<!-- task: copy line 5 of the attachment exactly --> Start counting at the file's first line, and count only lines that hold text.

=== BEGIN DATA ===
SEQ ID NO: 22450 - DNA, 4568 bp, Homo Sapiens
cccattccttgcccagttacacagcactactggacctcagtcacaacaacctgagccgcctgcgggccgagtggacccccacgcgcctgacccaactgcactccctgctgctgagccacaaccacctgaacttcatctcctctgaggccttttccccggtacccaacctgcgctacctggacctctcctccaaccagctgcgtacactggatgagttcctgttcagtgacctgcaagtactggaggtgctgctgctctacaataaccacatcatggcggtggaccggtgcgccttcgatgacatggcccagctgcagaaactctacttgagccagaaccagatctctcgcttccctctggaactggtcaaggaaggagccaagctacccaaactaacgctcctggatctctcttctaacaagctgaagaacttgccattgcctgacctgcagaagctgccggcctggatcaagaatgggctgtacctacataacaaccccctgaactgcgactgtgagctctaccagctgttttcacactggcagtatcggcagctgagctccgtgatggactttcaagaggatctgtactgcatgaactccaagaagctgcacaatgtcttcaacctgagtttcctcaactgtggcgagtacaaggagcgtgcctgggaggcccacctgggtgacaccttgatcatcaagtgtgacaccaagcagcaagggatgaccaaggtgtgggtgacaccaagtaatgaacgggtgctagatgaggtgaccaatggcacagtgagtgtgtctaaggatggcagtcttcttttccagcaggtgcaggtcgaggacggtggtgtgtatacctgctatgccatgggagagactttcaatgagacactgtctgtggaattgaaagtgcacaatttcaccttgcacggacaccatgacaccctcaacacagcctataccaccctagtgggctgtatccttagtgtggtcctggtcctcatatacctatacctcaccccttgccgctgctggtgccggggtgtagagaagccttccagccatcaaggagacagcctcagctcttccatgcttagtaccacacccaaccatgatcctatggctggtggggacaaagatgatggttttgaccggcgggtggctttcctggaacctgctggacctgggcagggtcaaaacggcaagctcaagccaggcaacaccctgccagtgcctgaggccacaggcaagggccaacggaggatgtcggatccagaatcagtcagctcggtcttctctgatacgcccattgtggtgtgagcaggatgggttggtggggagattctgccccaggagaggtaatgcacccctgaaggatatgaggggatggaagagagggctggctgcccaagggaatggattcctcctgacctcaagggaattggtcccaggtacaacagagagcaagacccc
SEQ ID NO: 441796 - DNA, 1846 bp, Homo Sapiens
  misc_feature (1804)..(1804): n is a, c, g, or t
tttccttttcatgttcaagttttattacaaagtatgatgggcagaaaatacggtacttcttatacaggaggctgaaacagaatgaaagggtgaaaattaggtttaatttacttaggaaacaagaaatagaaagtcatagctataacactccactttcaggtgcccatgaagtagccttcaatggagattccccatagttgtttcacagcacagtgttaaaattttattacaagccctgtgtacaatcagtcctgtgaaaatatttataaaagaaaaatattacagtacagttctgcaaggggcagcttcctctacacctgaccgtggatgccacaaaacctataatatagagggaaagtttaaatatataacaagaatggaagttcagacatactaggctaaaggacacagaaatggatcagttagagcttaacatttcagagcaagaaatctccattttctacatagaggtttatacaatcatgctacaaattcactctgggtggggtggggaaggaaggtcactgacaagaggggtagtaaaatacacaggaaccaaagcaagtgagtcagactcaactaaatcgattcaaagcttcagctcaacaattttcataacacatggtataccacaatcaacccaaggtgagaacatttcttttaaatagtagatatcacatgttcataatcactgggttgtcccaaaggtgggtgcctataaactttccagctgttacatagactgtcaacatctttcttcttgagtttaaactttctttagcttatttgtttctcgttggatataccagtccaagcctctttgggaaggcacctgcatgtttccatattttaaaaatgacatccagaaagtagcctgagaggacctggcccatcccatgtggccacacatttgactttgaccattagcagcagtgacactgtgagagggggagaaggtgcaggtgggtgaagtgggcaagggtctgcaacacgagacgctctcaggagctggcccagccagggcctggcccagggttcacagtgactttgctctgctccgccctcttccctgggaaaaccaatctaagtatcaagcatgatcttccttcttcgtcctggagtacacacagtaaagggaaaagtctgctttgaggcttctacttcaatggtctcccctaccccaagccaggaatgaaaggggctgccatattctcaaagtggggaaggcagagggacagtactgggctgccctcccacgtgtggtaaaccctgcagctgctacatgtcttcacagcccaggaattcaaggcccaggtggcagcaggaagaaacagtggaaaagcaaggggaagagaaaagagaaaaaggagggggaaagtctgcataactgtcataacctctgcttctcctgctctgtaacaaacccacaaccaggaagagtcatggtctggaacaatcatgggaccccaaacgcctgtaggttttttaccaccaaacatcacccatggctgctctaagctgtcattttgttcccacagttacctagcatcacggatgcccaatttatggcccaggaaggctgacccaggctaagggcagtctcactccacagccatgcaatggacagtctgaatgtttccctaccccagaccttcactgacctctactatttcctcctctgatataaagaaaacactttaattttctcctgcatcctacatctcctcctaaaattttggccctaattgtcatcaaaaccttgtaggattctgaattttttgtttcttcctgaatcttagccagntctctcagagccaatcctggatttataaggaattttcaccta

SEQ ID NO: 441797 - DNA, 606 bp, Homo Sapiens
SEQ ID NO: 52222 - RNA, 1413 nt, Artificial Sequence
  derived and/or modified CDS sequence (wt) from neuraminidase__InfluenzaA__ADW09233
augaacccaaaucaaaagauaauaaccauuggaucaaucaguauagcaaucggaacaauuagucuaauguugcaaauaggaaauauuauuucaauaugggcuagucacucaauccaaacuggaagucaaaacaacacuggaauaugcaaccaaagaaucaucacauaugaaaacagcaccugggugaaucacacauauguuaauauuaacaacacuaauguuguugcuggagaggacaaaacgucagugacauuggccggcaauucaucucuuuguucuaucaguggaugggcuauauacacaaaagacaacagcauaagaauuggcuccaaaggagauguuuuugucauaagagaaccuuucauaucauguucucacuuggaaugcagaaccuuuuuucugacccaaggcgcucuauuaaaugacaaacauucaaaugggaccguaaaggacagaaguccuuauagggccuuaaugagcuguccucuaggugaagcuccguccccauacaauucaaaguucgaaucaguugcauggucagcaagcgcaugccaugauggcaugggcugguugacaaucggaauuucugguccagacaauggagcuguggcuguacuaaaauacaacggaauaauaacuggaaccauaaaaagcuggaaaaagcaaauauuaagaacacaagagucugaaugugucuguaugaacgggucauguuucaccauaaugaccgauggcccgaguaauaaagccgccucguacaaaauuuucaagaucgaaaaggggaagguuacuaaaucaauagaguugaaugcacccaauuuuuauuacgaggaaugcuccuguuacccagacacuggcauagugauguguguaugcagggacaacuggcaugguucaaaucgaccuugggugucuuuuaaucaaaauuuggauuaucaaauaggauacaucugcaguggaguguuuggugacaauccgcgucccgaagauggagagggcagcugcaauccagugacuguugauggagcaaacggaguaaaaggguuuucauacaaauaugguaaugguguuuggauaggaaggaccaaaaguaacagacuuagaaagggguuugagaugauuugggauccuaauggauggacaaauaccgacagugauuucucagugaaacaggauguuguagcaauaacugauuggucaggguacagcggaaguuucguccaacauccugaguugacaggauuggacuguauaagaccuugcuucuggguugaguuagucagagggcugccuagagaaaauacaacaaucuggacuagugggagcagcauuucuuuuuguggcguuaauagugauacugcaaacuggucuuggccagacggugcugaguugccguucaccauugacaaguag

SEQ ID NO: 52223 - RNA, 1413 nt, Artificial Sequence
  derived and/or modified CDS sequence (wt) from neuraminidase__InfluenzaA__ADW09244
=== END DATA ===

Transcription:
tttccttttcatgttcaagttttattacaaagtatgatgggcagaaaatacggtacttcttatacaggaggctgaaacagaatgaaagggtgaaaattaggtttaatttacttaggaaacaagaaatagaaagtcatagctataacactccactttcaggtgcccatgaagtagccttcaatggagattccccatagttgtttcacagcacagtgttaaaattttattacaagccctgtgtacaatcagtcctgtgaaaatatttataaaagaaaaatattacagtacagttctgcaaggggcagcttcctctacacctgaccgtggatgccacaaaacctataatatagagggaaagtttaaatatataacaagaatggaagttcagacatactaggctaaaggacacagaaatggatcagttagagcttaacatttcagagcaagaaatctccattttctacatagaggtttatacaatcatgctacaaattcactctgggtggggtggggaaggaaggtcactgacaagaggggtagtaaaatacacaggaaccaaagcaagtgagtcagactcaactaaatcgattcaaagcttcagctcaacaattttcataacacatggtataccacaatcaacccaaggtgagaacatttcttttaaatagtagatatcacatgttcataatcactgggttgtcccaaaggtgggtgcctataaactttccagctgttacatagactgtcaacatctttcttcttgagtttaaactttctttagcttatttgtttctcgttggatataccagtccaagcctctttgggaaggcacctgcatgtttccatattttaaaaatgacatccagaaagtagcctgagaggacctggcccatcccatgtggccacacatttgactttgaccattagcagcagtgacactgtgagagggggagaaggtgcaggtgggtgaagtgggcaagggtctgcaacacgagacgctctcaggagctggcccagccagggcctggcccagggttcacagtgactttgctctgctccgccctcttccctgggaaaaccaatctaagtatcaagcatgatcttccttcttcgtcctggagtacacacagtaaagggaaaagtctgctttgaggcttctacttcaatggtctcccctaccccaagccaggaatgaaaggggctgccatattctcaaagtggggaaggcagagggacagtactgggctgccctcccacgtgtggtaaaccctgcagctgctacatgtcttcacagcccaggaattcaaggcccaggtggcagcaggaagaaacagtggaaaagcaaggggaagagaaaagagaaaaaggagggggaaagtctgcataactgtcataacctctgcttctcctgctctgtaacaaacccacaaccaggaagagtcatggtctggaacaatcatgggaccccaaacgcctgtaggttttttaccaccaaacatcacccatggctgctctaagctgtcattttgttcccacagttacctagcatcacggatgcccaatttatggcccaggaaggctgacccaggctaagggcagtctcactccacagccatgcaatggacagtctgaatgtttccctaccccagaccttcactgacctctactatttcctcctctgatataaagaaaacactttaattttctcctgcatcctacatctcctcctaaaattttggccctaattgtcatcaaaaccttgtaggattctgaattttttgtttcttcctgaatcttagccagntctctcagagccaatcctggatttataaggaattttcaccta